Open Society Foundations Announce 2019 Soros Equality Fellows
NEW YORK—The Open Society Foundations is pleased to announce the 2019 class of Soros Equality Fellows, a diverse group of artists, advocates, lawyers, and organizers whose work inspires advances in racial justice and equality in the United States.
Founded in 2017, the Soros Equality Fellowship program supports innovators and risk-takers striving to create and develop new ways of tackling the systemic causes and symptoms of racial disparity and discrimination. Beyond nurturing their specific projects, the program provides leadership development training, networking, and other professional support aimed at creating new ideas in the racial justice movement.
This year’s class features 18 fellows from different communities and regions of the country, who bring a wide range of tools to bear on the program’s core mission. Among the projects they will be working on: launching an initiative to promote equity for black communities in the emerging cannabis economy and redress wounds inflicted by the drug war; creating new media platforms for trans people of color to tell their stories and empower their community; building the capacity of Asian American organizations to push back against conservative narratives and injustice; curating a multimedia reenactment of the largest slave rebellion in U.S. history; and defending California’s Native Americans’ battle against false representations of their communities.
“At a critical time in our history when hatred, racial discrimination, and disenfranchisement of whole communities are on the rise in America, the Soros Equality Fellows represent a new generation of ideas and strategies to strengthen our multiracial democracy and build justice for all,” said Alvin Starks, director of the Open Society-U.S. Equality team at the Open Society Foundations. “These fellows bring boundless creativity, intelligence, and drive to their work, provoking us to confront what is happening in this country today, and lighting up the path to a better tomorrow.”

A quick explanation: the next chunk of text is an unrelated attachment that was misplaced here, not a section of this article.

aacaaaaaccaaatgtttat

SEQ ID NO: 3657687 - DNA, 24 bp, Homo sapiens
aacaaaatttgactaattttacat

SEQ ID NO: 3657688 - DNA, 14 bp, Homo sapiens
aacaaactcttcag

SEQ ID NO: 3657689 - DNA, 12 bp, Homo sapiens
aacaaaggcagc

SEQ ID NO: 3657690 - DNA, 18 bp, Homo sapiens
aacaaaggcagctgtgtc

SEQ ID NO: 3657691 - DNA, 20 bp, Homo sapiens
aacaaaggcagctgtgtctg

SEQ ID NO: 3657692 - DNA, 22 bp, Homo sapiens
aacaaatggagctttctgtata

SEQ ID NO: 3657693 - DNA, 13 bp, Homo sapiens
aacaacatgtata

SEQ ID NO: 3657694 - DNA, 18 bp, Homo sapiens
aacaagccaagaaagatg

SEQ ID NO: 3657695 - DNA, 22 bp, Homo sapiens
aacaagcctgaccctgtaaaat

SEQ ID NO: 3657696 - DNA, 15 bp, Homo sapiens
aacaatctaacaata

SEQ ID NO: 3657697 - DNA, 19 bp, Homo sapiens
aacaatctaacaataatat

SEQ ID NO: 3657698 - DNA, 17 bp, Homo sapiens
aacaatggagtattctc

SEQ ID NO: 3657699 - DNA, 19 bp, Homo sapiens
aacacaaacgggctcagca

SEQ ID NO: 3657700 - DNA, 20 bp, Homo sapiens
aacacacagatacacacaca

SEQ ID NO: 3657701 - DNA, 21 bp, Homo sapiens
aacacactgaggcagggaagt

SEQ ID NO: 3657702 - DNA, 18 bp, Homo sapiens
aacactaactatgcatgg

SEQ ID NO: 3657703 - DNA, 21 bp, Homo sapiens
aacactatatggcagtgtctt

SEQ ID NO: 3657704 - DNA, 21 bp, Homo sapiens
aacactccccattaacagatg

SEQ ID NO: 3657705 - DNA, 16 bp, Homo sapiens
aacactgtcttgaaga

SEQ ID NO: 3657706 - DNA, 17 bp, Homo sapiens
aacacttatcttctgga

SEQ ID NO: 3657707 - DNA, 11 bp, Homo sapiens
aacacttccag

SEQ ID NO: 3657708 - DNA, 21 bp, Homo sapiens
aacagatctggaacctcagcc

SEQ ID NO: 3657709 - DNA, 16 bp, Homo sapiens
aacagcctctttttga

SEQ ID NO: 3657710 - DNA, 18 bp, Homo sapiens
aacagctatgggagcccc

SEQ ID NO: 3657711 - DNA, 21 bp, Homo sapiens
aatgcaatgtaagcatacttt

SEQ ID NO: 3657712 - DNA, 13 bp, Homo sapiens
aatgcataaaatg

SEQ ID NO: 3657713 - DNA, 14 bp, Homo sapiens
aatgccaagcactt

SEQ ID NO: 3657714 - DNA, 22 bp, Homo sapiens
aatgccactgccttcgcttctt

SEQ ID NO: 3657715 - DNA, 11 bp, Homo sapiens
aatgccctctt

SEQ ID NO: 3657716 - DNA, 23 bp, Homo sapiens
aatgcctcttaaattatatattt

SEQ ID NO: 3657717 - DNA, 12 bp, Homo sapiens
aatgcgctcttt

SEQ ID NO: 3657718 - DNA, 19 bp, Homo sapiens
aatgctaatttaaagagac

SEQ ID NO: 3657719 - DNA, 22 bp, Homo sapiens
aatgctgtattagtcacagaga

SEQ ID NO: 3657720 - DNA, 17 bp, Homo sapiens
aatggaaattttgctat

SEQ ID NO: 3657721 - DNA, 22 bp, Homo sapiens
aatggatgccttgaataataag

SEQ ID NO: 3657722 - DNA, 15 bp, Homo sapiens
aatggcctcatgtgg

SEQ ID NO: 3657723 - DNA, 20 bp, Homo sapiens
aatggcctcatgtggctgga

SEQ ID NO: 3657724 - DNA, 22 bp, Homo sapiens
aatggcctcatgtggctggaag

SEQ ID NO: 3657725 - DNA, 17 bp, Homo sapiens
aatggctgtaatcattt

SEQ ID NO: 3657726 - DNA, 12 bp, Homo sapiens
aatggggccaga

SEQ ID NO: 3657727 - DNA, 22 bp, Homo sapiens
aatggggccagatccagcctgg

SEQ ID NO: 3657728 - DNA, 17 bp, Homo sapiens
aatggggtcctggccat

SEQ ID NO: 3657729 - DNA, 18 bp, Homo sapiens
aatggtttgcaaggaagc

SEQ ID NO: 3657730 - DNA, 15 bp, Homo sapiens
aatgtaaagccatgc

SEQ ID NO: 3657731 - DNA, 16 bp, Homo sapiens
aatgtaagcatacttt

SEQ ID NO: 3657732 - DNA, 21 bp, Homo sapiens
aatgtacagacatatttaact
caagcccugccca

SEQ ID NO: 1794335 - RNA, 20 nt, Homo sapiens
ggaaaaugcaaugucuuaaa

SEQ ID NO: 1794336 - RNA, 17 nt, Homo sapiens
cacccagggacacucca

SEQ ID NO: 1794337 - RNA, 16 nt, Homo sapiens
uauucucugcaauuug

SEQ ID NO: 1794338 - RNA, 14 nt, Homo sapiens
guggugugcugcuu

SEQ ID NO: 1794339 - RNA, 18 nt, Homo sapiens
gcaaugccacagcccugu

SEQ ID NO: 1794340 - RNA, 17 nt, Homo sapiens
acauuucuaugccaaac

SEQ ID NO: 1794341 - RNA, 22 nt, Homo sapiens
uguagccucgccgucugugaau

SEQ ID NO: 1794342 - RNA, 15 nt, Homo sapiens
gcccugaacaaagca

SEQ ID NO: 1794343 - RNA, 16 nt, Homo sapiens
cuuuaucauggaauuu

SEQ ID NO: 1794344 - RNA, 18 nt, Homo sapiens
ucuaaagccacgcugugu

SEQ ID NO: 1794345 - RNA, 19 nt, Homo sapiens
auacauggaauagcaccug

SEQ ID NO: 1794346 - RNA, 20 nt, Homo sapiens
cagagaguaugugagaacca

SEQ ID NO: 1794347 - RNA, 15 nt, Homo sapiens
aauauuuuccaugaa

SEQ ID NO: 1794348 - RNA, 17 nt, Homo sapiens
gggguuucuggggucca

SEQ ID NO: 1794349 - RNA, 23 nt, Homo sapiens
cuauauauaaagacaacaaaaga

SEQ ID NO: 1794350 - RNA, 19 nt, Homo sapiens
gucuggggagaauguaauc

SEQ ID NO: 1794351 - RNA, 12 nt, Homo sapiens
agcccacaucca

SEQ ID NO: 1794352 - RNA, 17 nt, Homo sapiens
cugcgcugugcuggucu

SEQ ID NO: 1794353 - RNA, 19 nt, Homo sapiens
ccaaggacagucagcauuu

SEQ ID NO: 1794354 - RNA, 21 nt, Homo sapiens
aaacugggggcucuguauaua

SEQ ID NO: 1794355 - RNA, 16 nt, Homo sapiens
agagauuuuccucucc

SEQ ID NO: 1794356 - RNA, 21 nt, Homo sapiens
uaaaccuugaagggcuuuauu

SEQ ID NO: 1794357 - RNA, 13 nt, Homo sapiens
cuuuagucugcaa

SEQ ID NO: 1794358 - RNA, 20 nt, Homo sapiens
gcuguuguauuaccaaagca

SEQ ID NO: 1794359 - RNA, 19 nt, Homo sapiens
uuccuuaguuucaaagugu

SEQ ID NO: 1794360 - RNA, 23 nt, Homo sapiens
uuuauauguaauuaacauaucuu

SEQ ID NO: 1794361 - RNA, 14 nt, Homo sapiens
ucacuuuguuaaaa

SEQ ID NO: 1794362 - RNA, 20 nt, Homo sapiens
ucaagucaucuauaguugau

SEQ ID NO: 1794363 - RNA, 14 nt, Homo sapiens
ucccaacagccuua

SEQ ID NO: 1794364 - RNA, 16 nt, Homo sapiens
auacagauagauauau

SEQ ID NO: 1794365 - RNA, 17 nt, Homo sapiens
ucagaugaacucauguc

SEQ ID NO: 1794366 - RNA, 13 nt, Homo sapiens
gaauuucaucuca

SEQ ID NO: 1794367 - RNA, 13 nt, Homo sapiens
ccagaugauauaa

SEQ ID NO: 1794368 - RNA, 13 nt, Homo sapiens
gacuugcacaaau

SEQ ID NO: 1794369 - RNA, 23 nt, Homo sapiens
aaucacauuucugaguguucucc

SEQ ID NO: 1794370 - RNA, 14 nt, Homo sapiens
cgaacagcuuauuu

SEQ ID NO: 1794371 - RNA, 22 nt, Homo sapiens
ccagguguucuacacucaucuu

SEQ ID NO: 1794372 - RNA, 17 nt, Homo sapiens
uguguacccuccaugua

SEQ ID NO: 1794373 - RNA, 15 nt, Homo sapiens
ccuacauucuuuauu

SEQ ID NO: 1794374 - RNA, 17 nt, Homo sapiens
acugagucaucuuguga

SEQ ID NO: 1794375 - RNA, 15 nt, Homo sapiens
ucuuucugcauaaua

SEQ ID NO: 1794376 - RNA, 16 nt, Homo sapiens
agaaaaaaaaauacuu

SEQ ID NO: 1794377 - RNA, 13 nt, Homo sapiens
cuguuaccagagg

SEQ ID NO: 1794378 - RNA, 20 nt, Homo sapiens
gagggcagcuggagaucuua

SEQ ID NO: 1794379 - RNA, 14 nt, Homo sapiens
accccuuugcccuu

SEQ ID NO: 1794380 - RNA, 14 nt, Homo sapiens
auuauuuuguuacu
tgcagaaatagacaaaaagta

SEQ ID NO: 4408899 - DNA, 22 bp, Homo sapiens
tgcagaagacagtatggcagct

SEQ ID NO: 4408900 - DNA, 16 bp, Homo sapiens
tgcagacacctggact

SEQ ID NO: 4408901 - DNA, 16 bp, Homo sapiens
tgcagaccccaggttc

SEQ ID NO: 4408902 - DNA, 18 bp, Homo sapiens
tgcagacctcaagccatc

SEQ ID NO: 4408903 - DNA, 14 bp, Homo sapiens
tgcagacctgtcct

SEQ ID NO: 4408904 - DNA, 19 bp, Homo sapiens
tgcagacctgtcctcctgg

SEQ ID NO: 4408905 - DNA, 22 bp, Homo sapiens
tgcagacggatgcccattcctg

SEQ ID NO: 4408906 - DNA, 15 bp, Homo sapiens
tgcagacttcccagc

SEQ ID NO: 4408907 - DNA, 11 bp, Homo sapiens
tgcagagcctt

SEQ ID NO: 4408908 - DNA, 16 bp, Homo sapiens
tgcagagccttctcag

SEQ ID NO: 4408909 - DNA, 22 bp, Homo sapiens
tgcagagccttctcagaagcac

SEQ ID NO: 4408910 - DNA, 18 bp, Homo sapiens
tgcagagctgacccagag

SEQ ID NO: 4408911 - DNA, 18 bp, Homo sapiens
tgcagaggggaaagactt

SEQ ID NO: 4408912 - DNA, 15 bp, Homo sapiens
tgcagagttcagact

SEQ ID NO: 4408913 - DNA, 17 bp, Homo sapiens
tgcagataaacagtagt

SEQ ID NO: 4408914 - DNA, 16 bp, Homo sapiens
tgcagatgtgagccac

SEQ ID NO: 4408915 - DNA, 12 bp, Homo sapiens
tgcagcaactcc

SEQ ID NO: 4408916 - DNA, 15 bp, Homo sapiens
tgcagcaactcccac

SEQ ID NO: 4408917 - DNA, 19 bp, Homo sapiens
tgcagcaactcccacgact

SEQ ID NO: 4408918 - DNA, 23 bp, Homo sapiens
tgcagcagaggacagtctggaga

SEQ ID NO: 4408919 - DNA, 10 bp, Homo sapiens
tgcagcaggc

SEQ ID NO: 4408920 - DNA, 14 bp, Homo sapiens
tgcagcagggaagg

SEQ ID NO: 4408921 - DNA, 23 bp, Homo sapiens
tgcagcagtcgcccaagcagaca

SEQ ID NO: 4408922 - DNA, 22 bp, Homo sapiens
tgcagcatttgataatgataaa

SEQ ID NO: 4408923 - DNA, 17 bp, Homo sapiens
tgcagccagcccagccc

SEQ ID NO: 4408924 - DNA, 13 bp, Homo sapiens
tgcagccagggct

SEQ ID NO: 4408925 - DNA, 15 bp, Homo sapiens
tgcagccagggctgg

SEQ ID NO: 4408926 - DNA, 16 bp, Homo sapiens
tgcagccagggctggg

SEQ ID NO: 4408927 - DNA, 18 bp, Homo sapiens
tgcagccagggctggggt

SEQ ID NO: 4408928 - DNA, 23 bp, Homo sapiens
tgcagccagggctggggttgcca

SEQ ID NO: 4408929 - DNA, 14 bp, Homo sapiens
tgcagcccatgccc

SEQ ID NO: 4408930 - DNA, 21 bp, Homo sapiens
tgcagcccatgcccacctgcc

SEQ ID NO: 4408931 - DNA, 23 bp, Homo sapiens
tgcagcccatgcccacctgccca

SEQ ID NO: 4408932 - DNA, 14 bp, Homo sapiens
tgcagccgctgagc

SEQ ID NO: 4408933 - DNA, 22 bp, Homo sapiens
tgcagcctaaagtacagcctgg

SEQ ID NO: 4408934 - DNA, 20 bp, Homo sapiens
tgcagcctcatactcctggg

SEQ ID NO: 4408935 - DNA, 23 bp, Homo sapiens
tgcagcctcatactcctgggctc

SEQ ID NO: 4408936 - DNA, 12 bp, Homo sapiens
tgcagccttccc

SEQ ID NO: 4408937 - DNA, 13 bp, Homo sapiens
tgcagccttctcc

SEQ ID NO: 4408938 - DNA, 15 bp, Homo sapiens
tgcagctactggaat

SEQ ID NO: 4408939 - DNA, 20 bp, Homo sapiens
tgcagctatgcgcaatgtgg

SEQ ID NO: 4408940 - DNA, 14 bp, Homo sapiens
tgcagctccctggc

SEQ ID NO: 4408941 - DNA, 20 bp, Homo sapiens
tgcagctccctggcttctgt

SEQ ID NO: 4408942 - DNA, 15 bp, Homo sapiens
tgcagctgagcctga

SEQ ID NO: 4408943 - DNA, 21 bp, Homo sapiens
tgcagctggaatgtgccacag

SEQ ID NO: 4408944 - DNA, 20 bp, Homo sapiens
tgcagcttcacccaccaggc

The 2019 Soros Equality Fellows will each receive stipends of $100,000 over the course of 18 months.
2019 Soros Equality Fellows
Su’ad Abdul Khabeer will develop Umi’s Archive, a multimedia project that seeks to recover untold everyday histories of Black Muslims in the United States that can inspire, empower, and provide tools to achieve racial justice today.
Bernadette Atuahene will build on her academic research by creating a comprehensive guide and user-friendly, interactive information hub that communities can use to fight back against racially discriminatory property tax administration.
Yi Chen will produce First Vote, a feature-length documentary about new Americans voting and participating in democracy for the first time.
Free Egunfemi will create innovative people-powered strategies to amplify the emerging Commemorative Justice movement as an essential component of the black creative economy.